What is great is that you don't even need a huge amount of light, the white material kind of captures the available light and traps it there and your phone camera does the rest! Smartphone cameras are pretty amazing these days and this suits me as I'd rather not get too technical, I just want to get good pics and get back to doing what I love best and that's making.

We really believe this is going to be a great tool for other crafters & designer-makers out there. We've even had a few other unexpected Lightcase enthusiasts like Warhammer miniature model makers and teachers who need to document student coursework. There are so many people who could use the Lightcase.

We're going to launch the concept on Kickstarter on the 1st April 2014 and if we can get it funded we can get the tooling done for the first production run of the Lightcase and get it out there for you all. It's going to be really affordable at about 22 pounds or around 35 US/AUS dollars... So stay tuned and if you like the idea go onto Lightcase on facebook and please do share it with anyone you know who could use one too. If you have any feedback at this stage, we'd love to hear your thoughts so leave a comment below.

Kickstarter Campaign Launch Monday 31st March 2014

Like the Lightcase on Facebook to keep up with the campaign


Monday, 6 January 2014

Christmas orders

Happy New Year! Just a little eye candy for my first post for 2014, here are some of the guys I made up for Christmas orders, hopefully they made their way into the stockings of a few good children...

Monday, 2 December 2013

Foxy Samples

Just a quick post...working on some new patterns, here is my new fox design. This guy stands proud and he's on the run just like the foxes I've always spotted.

These are the first versions. I'm quite happy with him and his foxiness. Hopefully I'll be able to get some of these guys on Etsy soon although my haul of gorgeous wool blanket scraps is coming to an end...

I've also been making samples for a beautiful organic baby shop that I met with last week. These are two first versions of the polar bear and elephant using their gorgeous organic cotton and cashmere/wool blend fabrics... Filled with wool and embroidered with silk thread that I have dyed with rusty iron...

Wednesday, 6 November 2013

Woven blankets and blanket stitches

A friend collects old woven woollen blankets and makes hot water bottle covers from them. I was lucky enough to receive a bag of the scraps. I'm often too precious with bigger pieces of textiles that I collect and find it difficult to settle on a worthy project for them. So I love finding little scraps because you can be sure whatever you do with them it's going to be more worthwhile than sending them to the tip!

The blanket scraps were just big enough to make into a skulk of foxes. There is something very foxy about plaid, maybe it's the story book illustrations of foxes dressed in tweed. Anyway I think these guys look pretty dashing...

The blanket stitched edging around these blankets is just too special to discard and thankfully my friend had not been able to bring herself to throw them away.  Rolling the edging into little scrolls makes gorgeous coloured rounds that I have been stitching together into interesting brooches.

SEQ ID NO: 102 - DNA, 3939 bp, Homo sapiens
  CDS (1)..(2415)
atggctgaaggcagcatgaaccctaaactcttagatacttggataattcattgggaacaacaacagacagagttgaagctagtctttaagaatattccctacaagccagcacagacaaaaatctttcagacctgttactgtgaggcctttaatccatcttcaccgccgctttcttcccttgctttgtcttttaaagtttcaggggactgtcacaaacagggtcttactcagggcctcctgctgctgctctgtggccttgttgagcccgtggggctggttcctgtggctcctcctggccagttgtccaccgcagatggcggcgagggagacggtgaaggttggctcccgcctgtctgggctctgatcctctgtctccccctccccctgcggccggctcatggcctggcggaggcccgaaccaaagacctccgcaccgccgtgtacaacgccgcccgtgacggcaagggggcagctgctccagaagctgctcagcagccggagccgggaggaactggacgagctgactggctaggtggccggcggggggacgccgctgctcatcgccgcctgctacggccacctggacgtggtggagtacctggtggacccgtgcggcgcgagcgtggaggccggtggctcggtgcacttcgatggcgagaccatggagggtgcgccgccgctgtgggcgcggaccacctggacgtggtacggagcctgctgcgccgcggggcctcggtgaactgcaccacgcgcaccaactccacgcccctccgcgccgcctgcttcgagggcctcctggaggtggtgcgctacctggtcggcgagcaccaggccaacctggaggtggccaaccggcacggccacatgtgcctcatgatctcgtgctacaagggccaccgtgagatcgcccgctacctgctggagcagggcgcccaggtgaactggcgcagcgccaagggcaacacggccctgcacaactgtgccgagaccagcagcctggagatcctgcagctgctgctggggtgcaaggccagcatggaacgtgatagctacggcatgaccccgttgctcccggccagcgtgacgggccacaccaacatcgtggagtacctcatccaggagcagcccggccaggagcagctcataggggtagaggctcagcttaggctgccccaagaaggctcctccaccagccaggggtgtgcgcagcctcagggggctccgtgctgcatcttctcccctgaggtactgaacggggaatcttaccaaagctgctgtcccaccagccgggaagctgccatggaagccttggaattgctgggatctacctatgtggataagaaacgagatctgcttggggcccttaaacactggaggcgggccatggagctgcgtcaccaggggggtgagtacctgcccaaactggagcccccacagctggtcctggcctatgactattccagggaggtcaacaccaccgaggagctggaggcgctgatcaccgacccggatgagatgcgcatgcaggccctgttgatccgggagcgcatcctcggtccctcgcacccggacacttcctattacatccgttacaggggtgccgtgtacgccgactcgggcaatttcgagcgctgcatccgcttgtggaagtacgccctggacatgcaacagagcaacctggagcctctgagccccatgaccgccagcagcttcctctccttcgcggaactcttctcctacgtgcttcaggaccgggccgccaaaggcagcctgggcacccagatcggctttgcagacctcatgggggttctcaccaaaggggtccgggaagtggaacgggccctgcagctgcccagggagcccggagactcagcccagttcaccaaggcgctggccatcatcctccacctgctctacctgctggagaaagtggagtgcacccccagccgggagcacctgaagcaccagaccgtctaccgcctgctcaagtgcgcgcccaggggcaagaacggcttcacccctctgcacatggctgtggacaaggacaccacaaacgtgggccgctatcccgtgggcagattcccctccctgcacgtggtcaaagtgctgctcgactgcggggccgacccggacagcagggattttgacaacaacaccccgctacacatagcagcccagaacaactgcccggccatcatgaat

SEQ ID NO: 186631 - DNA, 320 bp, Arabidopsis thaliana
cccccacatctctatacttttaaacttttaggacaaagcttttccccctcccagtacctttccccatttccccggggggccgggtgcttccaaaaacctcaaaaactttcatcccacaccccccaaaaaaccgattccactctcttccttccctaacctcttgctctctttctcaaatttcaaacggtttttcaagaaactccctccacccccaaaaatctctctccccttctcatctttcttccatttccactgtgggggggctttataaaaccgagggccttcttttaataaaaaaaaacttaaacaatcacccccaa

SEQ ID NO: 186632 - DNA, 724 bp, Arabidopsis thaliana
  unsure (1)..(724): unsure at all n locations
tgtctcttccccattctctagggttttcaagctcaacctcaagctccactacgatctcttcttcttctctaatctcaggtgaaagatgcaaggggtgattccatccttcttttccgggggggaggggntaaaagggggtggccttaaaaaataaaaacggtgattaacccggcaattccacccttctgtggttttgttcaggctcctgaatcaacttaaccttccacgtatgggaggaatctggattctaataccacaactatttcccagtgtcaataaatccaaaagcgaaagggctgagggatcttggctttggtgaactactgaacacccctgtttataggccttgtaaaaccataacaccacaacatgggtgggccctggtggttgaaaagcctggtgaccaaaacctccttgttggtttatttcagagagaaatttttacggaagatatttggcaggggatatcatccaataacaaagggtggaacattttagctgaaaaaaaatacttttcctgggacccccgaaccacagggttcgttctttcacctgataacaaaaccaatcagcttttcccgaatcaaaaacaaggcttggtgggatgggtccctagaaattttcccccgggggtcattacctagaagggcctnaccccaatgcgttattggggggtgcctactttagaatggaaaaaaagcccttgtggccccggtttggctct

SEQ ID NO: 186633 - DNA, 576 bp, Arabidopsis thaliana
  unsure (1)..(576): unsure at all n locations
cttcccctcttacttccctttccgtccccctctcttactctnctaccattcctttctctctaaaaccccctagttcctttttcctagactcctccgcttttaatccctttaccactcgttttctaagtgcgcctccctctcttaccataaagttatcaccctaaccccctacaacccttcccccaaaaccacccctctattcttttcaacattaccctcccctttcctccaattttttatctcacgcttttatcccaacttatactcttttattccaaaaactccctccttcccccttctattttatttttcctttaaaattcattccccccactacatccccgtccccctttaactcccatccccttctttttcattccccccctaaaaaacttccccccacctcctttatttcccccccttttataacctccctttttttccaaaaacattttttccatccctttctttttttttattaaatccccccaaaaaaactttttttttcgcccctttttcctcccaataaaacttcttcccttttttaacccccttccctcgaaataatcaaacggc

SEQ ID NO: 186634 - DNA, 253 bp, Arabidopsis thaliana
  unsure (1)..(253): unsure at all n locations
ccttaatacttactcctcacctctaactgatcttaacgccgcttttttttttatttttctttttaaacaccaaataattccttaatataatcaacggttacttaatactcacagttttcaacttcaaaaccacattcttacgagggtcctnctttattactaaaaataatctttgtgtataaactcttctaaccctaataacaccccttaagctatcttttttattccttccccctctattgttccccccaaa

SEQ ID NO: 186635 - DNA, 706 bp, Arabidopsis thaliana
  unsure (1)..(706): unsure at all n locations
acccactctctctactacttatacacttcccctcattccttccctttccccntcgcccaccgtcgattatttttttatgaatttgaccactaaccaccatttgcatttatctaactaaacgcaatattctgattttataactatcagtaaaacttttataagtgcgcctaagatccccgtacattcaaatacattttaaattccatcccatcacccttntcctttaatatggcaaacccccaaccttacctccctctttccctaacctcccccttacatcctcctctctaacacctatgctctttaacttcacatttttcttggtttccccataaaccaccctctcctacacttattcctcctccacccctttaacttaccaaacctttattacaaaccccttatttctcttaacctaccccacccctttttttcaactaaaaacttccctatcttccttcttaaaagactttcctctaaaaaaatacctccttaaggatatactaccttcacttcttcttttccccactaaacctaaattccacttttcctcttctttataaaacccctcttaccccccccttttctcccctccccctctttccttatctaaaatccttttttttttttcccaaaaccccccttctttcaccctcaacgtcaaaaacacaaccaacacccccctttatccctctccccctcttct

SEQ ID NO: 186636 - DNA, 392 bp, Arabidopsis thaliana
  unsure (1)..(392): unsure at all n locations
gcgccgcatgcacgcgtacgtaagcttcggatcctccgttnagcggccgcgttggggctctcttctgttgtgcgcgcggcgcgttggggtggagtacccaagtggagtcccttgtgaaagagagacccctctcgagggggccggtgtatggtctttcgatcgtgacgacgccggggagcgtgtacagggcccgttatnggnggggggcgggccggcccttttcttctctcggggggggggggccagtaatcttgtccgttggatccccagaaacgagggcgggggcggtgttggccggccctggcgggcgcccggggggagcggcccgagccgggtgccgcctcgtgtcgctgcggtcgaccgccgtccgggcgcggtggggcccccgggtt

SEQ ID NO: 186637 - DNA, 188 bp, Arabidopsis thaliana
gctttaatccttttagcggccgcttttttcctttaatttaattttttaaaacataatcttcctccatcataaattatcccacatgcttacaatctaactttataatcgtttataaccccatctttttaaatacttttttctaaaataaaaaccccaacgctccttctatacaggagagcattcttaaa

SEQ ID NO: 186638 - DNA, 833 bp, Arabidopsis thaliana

Christmas is just around the corner now and I have my work cut out if I'm to complete all the projects I've started in time. For a maker Christmas always brings with it a sense of urgency and pressure as if the world stops buying handmade for another year. But like this little scroll below the world still goes around and around, as does the desire to continue to make and mend.

Monday, 21 October 2013

Reclaiming the Nights

Gosh, this year has flown by. It's terrible, I haven't posted since my February wet felted chair fiasco for a number of reasons. One being that said chair is like a thorn in my side, sitting there unfinished, slowly un-felting itself and unravelling into a ball of fluff. This was an experiment that needed a little more time than I currently have what with a wild one year old in tow.


Said one-year-old is the other reason I haven't posted in a while. Above is a portrait of him by the 4 year old and that is the child himself. You can kind of see what I mean can't you.

So I have reclaimed the nights for creative expression and moved my studio into the living room where I currently work by night after baby is asleep. I'm loving my view from the window which I rarely get to enjoy since it's usually dark out by the time I get to my desk.

This is a little Christmas needle felted Angel that I've started working on. She hangs by the window and I love how the sunlight glows through the wool and mohair and catches in the gold beaded halo.

Because Christmas is approaching I've been working on more woolly polar bears. I've started tailoring clothes for the bears too.

This guy is listed on Etsy already and there will be more joining him soon

Now this is a curious device that I can't wait to try out. I found it on the shelves of a charity shop in one of my favourite English towns Hebden Bridge, North Yorkshire. It has the original post label on the box which reads "Scotia Wools Ltd, 158 New Bridge Street, Newcastle-on-Tyne, 1. Mrs Gardner, 32 Hodgkin Park Road, Newcastle upon Tyne. Date 10/11/1948. " It has a 9 pence stamp on the box.
I'll take more photos of the thing itself soon. I'm looking forward to trying it out. Who knows maybe I'll start making rugs next. Has anyone ever come across one of these?